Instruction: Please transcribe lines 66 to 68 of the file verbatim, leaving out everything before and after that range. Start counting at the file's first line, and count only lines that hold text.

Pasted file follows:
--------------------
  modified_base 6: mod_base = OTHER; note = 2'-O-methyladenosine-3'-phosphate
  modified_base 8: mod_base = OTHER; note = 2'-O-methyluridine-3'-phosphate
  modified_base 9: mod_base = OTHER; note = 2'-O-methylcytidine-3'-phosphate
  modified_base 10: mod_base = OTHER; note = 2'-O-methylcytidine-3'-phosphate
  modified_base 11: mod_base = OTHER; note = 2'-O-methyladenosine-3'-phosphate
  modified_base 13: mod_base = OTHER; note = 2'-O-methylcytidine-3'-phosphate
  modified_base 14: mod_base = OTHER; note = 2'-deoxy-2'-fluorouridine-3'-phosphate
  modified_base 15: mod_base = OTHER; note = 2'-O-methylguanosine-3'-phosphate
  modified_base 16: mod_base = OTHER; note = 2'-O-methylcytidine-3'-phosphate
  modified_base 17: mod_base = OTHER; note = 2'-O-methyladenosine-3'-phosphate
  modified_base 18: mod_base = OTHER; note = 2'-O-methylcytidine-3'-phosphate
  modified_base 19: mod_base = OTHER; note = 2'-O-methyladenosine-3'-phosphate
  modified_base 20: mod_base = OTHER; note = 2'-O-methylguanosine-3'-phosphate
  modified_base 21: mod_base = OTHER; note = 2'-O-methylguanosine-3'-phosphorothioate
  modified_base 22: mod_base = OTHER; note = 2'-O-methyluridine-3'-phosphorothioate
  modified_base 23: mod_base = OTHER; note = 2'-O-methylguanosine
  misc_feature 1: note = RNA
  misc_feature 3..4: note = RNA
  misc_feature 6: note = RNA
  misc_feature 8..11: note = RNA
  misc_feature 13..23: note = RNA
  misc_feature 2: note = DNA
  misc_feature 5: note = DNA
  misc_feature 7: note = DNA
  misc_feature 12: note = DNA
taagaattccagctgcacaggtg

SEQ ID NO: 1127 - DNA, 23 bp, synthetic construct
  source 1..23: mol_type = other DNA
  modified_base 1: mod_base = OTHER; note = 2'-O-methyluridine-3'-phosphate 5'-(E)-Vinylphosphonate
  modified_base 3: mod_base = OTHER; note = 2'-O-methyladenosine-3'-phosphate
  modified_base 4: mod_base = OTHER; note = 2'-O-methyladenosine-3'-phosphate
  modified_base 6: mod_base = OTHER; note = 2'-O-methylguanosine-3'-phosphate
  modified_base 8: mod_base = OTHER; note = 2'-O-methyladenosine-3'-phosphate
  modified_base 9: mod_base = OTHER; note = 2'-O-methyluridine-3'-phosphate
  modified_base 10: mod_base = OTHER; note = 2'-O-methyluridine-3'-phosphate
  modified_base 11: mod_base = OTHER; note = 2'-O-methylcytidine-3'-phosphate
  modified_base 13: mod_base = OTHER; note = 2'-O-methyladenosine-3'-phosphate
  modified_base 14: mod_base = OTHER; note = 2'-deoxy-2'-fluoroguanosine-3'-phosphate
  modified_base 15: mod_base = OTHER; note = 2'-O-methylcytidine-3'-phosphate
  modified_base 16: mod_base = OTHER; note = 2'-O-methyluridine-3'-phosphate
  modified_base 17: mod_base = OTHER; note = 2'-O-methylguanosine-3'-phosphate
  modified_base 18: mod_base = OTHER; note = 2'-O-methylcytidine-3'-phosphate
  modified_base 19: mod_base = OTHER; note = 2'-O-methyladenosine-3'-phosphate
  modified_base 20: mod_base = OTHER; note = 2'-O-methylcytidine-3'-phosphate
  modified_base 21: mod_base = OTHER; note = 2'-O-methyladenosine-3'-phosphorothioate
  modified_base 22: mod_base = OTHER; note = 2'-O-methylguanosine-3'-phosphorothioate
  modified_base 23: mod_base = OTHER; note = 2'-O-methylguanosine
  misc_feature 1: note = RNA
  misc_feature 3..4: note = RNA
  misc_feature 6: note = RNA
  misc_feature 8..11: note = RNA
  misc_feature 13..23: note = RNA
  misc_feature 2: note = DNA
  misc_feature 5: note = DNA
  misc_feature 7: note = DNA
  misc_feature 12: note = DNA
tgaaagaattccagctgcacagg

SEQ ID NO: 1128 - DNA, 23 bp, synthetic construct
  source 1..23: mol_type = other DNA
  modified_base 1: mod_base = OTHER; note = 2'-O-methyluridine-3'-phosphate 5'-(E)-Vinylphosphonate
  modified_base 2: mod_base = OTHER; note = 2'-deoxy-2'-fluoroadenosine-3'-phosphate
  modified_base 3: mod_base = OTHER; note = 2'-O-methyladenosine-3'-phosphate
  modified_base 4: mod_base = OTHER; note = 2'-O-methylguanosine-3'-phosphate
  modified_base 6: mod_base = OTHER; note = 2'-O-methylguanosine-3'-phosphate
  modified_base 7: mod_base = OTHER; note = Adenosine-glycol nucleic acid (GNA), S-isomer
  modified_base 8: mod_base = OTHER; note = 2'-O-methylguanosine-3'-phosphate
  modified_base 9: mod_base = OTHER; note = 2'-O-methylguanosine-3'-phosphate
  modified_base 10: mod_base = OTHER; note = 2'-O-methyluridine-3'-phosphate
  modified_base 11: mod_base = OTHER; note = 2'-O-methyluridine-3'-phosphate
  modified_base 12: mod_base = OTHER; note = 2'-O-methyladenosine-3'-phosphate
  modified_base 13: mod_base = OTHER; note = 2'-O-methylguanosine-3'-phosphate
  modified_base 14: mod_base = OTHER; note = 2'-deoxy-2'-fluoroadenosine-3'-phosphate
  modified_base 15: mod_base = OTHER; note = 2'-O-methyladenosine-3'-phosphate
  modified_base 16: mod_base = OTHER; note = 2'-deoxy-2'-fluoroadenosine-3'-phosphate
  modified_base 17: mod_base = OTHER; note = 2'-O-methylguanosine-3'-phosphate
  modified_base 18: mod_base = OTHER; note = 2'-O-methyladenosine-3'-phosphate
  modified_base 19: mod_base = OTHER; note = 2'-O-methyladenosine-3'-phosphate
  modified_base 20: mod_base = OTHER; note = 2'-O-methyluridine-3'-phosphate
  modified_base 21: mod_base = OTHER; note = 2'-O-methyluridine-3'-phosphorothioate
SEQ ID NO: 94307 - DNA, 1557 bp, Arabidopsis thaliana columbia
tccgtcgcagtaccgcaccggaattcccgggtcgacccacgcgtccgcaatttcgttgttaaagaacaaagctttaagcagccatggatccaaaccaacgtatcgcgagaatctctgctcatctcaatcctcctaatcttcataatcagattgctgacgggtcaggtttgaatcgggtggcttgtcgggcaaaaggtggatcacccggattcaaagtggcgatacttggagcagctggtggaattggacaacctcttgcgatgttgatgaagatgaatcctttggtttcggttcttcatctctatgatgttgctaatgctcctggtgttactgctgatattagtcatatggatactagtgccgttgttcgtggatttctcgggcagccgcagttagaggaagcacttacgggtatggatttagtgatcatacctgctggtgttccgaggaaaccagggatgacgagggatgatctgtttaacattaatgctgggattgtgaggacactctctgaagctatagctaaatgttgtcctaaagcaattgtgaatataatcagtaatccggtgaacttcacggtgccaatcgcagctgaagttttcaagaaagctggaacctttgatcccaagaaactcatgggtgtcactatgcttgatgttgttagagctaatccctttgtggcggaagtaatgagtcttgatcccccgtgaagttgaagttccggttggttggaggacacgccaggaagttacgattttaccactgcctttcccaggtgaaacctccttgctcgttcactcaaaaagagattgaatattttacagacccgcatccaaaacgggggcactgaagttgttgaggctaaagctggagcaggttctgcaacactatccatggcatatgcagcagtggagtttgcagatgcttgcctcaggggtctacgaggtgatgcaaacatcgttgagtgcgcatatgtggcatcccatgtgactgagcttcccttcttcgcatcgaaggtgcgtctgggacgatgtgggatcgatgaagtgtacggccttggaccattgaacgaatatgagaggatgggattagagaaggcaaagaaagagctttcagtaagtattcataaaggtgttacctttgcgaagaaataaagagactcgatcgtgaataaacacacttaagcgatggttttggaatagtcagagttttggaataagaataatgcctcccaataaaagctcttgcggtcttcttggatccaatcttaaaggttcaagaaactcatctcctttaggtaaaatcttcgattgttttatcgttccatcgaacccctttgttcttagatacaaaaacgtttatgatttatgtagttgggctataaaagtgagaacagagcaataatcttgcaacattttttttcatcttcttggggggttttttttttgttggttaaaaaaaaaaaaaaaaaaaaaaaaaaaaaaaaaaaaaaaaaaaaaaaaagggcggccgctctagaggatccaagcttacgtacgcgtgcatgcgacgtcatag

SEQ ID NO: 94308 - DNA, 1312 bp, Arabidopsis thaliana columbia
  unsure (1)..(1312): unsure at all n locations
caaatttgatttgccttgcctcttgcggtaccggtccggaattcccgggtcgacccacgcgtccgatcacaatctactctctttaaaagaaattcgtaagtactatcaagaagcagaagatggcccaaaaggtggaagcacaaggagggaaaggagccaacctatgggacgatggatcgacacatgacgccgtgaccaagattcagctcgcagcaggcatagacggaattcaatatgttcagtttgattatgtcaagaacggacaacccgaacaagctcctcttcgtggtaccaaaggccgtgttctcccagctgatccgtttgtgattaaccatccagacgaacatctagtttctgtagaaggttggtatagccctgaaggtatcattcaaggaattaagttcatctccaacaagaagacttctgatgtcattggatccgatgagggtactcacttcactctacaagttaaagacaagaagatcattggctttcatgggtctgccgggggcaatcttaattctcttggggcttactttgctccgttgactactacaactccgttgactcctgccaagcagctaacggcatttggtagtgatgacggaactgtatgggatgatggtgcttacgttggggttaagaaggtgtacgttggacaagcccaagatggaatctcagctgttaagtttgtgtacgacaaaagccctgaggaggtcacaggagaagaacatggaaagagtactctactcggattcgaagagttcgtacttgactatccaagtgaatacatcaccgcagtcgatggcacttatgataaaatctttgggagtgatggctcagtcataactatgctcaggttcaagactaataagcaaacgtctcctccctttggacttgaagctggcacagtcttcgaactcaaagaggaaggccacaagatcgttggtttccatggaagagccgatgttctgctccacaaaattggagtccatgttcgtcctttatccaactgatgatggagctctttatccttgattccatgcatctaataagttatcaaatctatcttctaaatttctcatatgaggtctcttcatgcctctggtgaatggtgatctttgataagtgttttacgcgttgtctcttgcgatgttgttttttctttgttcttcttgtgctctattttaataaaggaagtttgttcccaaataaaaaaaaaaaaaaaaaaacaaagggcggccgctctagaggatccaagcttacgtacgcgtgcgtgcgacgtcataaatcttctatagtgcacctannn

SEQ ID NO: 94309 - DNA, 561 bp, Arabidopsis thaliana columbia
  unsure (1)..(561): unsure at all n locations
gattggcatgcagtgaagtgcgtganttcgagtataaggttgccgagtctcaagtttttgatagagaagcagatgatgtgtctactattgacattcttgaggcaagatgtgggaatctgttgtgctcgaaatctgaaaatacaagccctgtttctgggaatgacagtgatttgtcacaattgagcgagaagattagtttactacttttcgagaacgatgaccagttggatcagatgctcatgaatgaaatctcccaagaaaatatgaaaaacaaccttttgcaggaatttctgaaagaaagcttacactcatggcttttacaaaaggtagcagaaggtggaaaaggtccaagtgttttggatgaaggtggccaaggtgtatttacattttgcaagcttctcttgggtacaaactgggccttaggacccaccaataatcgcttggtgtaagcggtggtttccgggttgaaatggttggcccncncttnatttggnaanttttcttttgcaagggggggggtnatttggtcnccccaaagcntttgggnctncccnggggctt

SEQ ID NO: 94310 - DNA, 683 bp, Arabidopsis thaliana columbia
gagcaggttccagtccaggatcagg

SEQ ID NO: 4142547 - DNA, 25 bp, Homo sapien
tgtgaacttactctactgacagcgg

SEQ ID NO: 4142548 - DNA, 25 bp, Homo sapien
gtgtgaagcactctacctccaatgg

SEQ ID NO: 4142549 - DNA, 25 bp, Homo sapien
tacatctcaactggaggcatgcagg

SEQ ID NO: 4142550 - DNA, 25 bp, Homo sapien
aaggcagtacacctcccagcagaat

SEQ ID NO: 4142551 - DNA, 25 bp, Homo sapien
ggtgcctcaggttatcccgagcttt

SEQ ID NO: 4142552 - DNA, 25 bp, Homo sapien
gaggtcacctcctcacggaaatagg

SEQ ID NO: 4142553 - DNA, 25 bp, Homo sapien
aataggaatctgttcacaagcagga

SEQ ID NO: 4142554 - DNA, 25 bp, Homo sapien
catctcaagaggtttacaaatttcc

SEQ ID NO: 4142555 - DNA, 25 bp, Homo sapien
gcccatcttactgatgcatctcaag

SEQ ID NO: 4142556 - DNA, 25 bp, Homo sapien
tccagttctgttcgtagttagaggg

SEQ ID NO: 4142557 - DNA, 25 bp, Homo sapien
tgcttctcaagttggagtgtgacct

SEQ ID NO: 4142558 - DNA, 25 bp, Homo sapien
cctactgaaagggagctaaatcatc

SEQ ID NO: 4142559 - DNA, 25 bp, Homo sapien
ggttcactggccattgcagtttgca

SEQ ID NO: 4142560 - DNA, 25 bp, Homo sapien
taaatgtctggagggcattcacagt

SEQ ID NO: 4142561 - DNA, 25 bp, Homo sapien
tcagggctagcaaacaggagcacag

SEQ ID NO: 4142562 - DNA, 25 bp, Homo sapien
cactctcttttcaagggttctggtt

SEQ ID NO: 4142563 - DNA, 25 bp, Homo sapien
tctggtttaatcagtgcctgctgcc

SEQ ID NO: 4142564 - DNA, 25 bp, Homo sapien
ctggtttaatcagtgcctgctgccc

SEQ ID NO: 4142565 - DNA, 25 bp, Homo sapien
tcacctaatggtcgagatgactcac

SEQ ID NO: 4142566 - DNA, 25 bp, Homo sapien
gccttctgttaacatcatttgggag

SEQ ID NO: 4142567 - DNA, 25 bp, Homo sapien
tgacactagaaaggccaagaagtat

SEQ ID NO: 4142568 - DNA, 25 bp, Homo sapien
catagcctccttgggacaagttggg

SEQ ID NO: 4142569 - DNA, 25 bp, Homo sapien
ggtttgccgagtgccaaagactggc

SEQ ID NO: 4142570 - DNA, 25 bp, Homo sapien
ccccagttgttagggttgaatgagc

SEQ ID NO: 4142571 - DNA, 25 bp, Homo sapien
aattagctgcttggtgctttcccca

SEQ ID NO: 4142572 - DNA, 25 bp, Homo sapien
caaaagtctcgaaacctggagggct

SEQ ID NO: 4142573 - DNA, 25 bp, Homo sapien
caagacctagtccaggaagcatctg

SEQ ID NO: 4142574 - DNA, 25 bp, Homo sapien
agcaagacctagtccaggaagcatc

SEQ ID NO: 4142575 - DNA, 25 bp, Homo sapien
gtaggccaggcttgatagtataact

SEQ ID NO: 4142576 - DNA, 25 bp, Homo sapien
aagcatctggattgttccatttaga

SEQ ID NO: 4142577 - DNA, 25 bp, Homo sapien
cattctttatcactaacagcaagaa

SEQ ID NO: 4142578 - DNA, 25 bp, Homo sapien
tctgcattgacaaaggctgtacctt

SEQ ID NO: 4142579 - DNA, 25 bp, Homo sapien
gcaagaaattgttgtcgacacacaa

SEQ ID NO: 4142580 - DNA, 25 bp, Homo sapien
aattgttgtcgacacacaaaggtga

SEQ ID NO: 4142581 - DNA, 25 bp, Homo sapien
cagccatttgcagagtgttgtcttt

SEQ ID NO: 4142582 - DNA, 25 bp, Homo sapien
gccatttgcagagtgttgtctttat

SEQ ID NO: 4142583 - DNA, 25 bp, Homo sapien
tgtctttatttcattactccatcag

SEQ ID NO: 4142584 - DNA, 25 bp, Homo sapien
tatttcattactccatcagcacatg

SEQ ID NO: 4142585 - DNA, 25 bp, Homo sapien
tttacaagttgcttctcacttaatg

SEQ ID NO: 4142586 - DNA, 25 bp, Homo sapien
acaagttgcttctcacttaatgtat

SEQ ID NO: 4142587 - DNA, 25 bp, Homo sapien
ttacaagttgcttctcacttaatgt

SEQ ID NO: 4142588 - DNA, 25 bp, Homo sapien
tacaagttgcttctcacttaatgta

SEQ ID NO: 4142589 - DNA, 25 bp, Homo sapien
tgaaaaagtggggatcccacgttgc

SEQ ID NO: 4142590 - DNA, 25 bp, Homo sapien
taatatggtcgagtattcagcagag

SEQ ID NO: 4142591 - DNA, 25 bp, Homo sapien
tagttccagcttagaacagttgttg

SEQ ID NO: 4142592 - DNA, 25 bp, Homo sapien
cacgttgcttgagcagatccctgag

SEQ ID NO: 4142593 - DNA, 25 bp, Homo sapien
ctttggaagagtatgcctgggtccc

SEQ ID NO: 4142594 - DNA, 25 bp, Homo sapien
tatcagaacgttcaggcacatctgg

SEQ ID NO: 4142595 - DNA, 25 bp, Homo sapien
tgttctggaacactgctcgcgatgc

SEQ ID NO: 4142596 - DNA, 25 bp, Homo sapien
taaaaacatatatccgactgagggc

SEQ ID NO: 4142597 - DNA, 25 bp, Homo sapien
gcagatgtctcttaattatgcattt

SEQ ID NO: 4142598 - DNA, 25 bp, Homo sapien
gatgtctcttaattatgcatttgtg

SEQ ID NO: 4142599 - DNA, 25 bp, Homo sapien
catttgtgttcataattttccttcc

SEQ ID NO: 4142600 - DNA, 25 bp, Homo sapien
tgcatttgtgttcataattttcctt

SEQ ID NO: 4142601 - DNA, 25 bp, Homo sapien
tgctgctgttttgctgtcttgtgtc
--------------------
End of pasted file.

  modified_base 8: mod_base = OTHER; note = 2'-O-methylguanosine-3'-phosphate
  modified_base 9: mod_base = OTHER; note = 2'-O-methylguanosine-3'-phosphate
  modified_base 10: mod_base = OTHER; note = 2'-O-methyluridine-3'-phosphate